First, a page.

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Thread: Help with Russian?

  1. #1
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    Help with Russian?

    I found out that in German, if someone says something like "Good luck(Viel Gluck)" and you want to say "Thanks, you too", that you use the dative, so you would say "Danke, dir auch"

    In Russian, is there something like this?

    So if someone said to me "Good luck(Удачи)" or "Have a nice day(Хорошего дня)" would I say:

    "Спасибо, ты тоже"
    or
    "Спасибо, тебе тоже"

    or am I doing something wrong? Any help is appreciated

    Thanks

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    Почтенный гражданин xXHoax's Avatar
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    Yeah, Russian follows the same logic as German, where the case system maintains throughout and across sentences and speakers. Meaning the reply is going to need the same case as the well-wish.
    The reply will match the necessary cases of a prior sentence, even if it omitted them.

    Удачи (тебе)!--
    -- И тебе (удачи)!

    Whereas if the first person used the nominative, the reply would be nominative as well,

    Будь ты аккуратно!--
    -- Ты тоже (будь аккуратно)!

    When it comes to phrases of well wishing and "impersonal statements", it's common to lack a nominative-subject. If there is a verb in the sentence, then there is a subject in the nominative (perhaps hidden) somewhere; however if a sentence doesnt have a specific verb then a nominative noun isn't quite necessary.
    "хорошего дня ты" - ты has no logical, or syntactic link in this sentence so it makes little to no sense.
    iCake likes this.
    "В тёмные времена хорошо видно светлых людей."
    - A quote, that only exists in Russian. Erich Maria Remarque

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    Ah ok, I understand now.

    So if someone said "Удачи" and I wanted to say "You too", I understand it's "И тебе". Would "тебе тоже" also make sense, or when speaking Russian is "и тебе" more common?

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    Властелин iCake's Avatar
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    Quote Originally Posted by ashleigh View Post
    Ah ok, I understand now.

    So if someone said "Удачи" and I wanted to say "You too", I understand it's "И тебе". Would "тебе тоже" also make sense, or when speaking Russian is "и тебе" more common?
    There's hardly any difference between those responses. You can even say "и тебе тоже", no problem there

    Quote Originally Posted by xXHoax View Post

    Будь ты аккуратно!--
    -- Ты тоже (будь аккуратно)!
    What's this? You explained the concept very well there, but this one kind of stands out. No one would say it like that. I suppose you wanted to say: "be careful?". If so, then it should be "Береги себя!" or "Будь осторожен" depending on the context. The former is more suited for a very caring way of saying "goodbye", the latter is what you'd say to someone who's going to do something dangerous.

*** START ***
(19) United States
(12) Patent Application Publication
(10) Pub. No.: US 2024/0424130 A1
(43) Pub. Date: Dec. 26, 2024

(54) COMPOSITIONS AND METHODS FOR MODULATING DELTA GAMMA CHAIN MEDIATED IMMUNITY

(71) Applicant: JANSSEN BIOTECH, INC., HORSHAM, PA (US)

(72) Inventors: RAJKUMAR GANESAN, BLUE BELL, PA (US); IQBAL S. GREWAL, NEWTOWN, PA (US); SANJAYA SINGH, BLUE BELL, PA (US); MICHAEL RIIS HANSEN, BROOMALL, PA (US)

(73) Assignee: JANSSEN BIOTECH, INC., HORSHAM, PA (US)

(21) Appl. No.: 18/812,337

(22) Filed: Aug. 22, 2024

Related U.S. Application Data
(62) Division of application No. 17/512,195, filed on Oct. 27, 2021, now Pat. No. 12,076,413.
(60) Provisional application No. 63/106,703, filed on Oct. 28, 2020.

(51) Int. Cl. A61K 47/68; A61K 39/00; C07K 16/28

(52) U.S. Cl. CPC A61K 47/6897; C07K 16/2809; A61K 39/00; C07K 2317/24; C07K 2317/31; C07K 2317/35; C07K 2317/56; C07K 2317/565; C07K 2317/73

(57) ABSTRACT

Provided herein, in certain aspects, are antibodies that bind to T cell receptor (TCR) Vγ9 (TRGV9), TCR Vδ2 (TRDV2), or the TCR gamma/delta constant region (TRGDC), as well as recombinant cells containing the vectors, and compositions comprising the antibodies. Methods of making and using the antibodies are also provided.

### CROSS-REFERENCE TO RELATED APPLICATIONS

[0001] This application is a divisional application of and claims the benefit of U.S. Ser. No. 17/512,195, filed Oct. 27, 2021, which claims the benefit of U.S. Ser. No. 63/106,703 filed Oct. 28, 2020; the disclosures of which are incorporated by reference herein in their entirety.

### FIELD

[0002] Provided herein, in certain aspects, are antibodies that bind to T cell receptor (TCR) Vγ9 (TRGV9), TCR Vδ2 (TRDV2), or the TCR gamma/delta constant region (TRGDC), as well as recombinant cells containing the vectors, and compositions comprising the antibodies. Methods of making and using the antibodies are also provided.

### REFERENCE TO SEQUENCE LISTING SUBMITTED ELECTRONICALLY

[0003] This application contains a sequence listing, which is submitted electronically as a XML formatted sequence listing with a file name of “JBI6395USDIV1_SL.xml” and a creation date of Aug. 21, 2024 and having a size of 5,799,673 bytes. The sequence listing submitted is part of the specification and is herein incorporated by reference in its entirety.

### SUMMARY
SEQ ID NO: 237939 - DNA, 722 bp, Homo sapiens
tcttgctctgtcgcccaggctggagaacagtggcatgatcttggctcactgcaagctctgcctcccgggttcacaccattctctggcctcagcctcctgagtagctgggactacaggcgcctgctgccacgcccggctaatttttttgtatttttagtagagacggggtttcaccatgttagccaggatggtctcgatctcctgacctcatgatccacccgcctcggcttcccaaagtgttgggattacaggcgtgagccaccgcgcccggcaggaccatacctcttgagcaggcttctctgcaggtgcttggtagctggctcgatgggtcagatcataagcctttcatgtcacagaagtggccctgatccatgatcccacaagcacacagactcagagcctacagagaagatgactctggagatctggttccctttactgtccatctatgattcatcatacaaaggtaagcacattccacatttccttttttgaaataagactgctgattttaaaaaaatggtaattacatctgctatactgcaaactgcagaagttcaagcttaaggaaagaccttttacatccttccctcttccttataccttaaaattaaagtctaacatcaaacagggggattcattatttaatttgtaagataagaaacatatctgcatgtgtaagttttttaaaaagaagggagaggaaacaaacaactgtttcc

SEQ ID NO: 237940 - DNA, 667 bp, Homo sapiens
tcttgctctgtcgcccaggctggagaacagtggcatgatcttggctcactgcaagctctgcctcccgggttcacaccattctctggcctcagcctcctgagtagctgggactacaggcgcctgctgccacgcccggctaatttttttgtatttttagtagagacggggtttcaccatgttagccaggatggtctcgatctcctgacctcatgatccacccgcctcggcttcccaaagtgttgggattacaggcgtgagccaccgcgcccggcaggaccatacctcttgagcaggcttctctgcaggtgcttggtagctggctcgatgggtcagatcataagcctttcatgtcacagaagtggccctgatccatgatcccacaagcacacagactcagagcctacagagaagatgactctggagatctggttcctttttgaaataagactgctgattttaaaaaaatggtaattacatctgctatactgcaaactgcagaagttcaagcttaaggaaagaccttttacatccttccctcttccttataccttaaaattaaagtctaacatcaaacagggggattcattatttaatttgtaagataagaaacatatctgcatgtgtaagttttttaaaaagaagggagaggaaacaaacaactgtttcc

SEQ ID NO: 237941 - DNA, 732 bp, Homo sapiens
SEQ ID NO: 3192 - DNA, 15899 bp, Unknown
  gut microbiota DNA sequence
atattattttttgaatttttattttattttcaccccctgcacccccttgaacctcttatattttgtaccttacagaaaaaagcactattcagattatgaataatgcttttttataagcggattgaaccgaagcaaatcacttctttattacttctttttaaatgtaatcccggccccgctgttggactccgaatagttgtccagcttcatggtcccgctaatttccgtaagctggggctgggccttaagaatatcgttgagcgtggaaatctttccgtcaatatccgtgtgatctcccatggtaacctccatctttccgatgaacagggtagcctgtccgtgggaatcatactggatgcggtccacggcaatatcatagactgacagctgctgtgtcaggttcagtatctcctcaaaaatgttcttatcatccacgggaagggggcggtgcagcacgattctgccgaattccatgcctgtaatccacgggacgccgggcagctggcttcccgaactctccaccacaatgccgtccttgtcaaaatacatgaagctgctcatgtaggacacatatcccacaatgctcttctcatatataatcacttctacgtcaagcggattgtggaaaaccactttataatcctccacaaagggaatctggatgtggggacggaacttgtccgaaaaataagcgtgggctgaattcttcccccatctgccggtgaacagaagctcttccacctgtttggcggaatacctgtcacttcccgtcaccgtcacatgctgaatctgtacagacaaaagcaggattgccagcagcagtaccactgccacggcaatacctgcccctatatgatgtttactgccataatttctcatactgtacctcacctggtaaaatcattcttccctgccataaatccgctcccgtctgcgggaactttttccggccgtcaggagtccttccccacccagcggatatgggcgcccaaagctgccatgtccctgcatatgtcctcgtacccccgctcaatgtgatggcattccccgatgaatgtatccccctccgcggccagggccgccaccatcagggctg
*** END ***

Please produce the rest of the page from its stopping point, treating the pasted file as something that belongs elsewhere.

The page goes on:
Аккуратный took a stange turn in Russian, it's more about being neat (as in handwriting) or about someone who usually does things in a "neat, clean" way (like аккуратный хозяин), sometimes about a thing that's kept in such way. (аккуратная комната).

    But I can guess why аккуратный can be sometimes translated as careful. Example: someone just stepped on your toes, literally. A very possible response to that can be "аккуратнее!", like be more mindful of yourself or very well be careful! Also, remember that scene from "The Fifth Element" where Bruce Willis lights up his last match to bring fire to the last elemental stone? I suppose in English the people around him would yel something like "Easy! Easy!". In Russian that can be "Аккуратнее! Аккуратнее! or Аккуратно! Аккуратно!"
    I do not claim that my opinion is absolutely true.
    If you've spotted any mistake in my English, please, correct it. I want to be aware of any mistakes to efficiently eliminate them before they become a habit.

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    Почтенный гражданин xXHoax's Avatar
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    Oh yeah absolutely, sorry. I had to come up with a command and I couldn't think of anything. I had heard "Аккуратно!" on its own and I ran with it, but now that you point it out "Будь осторожен" sounds way better. Oops!
    "В тёмные времена хорошо видно светлых людей."
    - A quote, that only exists in Russian. Erich Maria Remarque

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    Властелин maxmixiv's Avatar
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    One could also be asked to be "внимательнее" (i.e. pay attention to traffic lights and other kinds of jeopardy)

    Back to the topic.
    There is the most popular phrase (recently performed by our prime minister):
    «Просто денег нет. Всего вам доброго, хорошего настроения и здоровья!»
    "Невозможно передать смысл иностранной фразы, не разрушив при этом её первоначальную структуру."

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    Moderator Lampada's Avatar
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    Quote Originally Posted by maxmixiv View Post
    ...
    Back to the topic.
    There is the most popular phrase (recently performed by our prime minister):
    «Просто денег нет. Всего вам доброго, хорошего настроения и здоровья!»

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